And the walls came tumblin’ down
NEW YORK — Wall Street tumbled again Monday amid a rout in global stocks after rating agency Standard & Poor’s downgraded the U.S. credit rating for the first time.
S&P cut the long-term debt rating for the U.S. by one notch to AA+ from AAA late Friday. The move wasn’t unexpected, but it comes when investors are already feeling nervous about a weak U.S. economy, European debt problems and Japan’s recovery from its March earthquake.
Speaking on the downgrade issue at the White House Monday, President Barack Obama said the U.S. will always be a AAA-rated country despite what rating agencies say, and he urged lawmakers to work together to tackle the nation’s deficit.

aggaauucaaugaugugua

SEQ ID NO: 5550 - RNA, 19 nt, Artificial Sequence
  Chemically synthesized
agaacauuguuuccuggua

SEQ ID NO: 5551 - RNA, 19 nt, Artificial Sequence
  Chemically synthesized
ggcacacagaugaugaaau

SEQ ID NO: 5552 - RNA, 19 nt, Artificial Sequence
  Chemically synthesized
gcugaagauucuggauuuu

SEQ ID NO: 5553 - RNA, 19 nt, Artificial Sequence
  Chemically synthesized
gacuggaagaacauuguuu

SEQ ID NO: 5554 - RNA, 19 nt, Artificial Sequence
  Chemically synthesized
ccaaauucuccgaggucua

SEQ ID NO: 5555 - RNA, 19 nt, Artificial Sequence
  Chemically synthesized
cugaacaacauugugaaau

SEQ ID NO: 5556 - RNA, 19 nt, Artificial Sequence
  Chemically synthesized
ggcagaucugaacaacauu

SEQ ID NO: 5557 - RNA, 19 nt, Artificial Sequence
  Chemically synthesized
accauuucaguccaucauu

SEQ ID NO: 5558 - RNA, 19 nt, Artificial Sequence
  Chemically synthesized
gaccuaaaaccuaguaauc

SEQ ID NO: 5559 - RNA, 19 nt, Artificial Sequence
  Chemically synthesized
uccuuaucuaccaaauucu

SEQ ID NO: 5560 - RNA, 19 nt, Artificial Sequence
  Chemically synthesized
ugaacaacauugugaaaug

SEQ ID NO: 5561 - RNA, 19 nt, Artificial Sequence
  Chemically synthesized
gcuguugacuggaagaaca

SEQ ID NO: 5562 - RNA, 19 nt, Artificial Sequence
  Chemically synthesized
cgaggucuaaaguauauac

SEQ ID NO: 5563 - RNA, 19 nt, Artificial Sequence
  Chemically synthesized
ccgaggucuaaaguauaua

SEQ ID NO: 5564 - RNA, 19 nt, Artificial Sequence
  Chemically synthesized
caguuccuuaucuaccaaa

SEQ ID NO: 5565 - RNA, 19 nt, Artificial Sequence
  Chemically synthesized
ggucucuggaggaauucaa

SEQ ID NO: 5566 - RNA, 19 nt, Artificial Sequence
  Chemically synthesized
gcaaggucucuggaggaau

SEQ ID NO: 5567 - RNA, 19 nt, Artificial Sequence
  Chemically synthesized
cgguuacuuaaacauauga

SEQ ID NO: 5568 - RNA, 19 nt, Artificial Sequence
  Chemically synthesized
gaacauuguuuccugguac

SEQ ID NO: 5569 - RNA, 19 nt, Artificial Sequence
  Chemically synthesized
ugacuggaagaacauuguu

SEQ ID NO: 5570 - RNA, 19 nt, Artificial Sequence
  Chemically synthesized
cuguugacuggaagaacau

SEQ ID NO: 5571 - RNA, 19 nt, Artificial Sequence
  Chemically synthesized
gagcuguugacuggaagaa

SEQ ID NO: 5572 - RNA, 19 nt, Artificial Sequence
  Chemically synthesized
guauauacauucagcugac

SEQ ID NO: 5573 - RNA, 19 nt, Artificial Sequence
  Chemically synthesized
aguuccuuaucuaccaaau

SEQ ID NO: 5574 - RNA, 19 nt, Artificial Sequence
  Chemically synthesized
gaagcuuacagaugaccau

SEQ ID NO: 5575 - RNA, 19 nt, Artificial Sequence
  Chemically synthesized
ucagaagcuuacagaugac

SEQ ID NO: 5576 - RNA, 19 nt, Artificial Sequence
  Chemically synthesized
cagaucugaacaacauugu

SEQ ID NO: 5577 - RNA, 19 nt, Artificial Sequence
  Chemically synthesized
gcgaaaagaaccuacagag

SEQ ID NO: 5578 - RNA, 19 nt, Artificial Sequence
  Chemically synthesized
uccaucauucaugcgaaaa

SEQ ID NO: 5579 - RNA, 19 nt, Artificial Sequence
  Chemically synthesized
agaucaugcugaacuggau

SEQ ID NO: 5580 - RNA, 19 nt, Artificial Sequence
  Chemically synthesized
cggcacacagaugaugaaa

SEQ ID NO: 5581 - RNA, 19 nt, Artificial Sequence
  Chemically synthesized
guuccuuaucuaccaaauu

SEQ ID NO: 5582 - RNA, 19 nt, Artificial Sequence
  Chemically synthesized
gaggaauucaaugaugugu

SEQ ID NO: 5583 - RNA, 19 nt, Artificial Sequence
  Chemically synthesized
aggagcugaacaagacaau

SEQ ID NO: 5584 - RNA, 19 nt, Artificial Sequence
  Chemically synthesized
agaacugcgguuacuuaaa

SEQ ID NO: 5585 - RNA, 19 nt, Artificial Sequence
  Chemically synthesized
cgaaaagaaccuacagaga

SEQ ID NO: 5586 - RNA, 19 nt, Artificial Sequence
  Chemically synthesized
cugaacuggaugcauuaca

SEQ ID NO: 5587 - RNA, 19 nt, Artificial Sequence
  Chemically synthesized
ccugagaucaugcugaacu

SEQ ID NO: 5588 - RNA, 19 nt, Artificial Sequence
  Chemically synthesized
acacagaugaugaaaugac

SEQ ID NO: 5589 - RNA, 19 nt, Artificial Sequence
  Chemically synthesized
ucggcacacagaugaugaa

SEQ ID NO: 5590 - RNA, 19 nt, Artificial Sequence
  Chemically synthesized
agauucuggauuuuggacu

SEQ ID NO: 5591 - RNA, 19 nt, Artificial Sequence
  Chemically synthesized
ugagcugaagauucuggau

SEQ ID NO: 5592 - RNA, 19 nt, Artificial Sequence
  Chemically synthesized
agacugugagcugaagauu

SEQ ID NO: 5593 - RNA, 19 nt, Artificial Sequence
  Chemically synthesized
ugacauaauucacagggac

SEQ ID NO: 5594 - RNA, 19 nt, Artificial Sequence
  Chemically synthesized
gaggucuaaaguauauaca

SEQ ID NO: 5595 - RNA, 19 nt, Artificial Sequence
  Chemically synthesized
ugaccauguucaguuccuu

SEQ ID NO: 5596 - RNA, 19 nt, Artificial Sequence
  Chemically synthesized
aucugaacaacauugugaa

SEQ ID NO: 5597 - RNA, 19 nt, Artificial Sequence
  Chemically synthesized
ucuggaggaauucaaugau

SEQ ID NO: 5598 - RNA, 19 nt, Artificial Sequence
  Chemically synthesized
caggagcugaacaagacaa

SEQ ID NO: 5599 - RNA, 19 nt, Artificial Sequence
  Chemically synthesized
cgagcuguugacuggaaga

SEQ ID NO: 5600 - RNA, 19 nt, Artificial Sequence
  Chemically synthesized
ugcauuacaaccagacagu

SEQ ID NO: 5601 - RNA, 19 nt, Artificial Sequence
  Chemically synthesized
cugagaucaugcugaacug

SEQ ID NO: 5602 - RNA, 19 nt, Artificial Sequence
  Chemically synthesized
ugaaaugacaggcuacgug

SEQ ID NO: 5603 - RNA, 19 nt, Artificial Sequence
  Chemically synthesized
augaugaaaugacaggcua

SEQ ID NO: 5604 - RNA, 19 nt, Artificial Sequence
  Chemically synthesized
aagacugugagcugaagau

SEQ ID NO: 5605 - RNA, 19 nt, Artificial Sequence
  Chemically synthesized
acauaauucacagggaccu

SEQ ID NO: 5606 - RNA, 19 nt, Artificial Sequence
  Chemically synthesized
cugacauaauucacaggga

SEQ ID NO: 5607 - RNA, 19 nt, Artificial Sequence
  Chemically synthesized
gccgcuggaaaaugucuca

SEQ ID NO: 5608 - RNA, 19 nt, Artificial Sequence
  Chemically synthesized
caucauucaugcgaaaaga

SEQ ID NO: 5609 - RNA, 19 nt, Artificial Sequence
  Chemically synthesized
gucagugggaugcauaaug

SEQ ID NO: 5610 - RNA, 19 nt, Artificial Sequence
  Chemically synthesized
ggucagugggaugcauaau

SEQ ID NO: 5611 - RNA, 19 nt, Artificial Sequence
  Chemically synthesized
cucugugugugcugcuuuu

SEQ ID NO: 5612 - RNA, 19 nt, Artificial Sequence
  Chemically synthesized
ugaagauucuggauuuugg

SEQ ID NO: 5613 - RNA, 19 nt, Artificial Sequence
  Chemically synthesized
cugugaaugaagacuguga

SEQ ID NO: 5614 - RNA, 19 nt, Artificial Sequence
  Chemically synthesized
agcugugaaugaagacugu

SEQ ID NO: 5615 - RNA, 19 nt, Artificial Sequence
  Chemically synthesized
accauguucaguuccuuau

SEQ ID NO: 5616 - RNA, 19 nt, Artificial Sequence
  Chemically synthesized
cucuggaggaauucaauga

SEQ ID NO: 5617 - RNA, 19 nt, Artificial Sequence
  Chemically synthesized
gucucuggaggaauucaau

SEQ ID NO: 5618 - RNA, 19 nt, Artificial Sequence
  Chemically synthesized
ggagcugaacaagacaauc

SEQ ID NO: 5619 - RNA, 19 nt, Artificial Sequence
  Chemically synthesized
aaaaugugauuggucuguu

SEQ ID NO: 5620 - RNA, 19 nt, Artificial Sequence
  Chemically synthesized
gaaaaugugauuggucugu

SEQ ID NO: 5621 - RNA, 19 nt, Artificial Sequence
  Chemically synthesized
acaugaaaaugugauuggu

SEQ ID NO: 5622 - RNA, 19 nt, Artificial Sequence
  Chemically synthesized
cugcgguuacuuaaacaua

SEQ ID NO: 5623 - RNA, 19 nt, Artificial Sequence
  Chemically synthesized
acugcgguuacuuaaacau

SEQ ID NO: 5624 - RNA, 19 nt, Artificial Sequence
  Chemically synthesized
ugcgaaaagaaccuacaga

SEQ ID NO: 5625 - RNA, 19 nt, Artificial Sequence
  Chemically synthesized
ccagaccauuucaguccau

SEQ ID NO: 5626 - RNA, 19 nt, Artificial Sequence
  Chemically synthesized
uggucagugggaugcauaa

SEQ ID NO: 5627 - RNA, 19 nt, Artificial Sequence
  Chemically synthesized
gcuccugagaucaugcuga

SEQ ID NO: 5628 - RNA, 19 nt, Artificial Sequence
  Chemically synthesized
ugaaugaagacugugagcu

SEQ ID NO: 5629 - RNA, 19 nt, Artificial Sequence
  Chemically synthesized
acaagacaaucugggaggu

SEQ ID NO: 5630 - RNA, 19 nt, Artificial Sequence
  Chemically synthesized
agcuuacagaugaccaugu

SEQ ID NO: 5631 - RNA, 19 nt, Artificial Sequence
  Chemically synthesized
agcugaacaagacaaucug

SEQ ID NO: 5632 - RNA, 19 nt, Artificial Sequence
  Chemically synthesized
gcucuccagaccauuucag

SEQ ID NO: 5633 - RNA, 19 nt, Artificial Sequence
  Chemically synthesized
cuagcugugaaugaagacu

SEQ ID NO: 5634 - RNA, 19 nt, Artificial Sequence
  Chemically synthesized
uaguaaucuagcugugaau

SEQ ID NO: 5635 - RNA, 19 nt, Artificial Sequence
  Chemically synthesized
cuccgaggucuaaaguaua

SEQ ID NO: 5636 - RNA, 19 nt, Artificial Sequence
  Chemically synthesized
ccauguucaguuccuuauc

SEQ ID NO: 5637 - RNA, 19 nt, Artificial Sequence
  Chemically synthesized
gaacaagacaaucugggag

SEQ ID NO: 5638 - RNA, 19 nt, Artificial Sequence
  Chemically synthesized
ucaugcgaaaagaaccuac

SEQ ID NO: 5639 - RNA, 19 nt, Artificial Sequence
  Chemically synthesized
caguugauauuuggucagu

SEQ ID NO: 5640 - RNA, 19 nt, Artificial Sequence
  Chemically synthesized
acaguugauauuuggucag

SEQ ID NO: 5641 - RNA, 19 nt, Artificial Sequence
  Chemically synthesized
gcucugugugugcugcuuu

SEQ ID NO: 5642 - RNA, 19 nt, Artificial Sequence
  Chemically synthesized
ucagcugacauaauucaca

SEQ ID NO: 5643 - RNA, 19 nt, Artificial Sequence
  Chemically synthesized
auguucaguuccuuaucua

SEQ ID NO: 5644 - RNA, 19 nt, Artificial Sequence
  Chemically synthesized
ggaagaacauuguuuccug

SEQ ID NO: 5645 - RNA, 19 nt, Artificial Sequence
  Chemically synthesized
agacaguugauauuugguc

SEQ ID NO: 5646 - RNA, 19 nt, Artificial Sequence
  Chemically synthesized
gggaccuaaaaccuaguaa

“It tells us investors are panicking,” said Brian Reynolds, chief market strategist with WJB Capital Group, a Wall Street firm that handles trading for hedge funds and mutual funds.
The Dow Jones industrial average was lately down over 400 points, adding to a loss of over 200 points at the start of trading. The mid-morning slump in stock prices came as S&P downgraded the credit ratings of mortgage lenders Fannie Mae and Freddie Mac and other agencies linked to long-term U.S. debt. source – MSNBC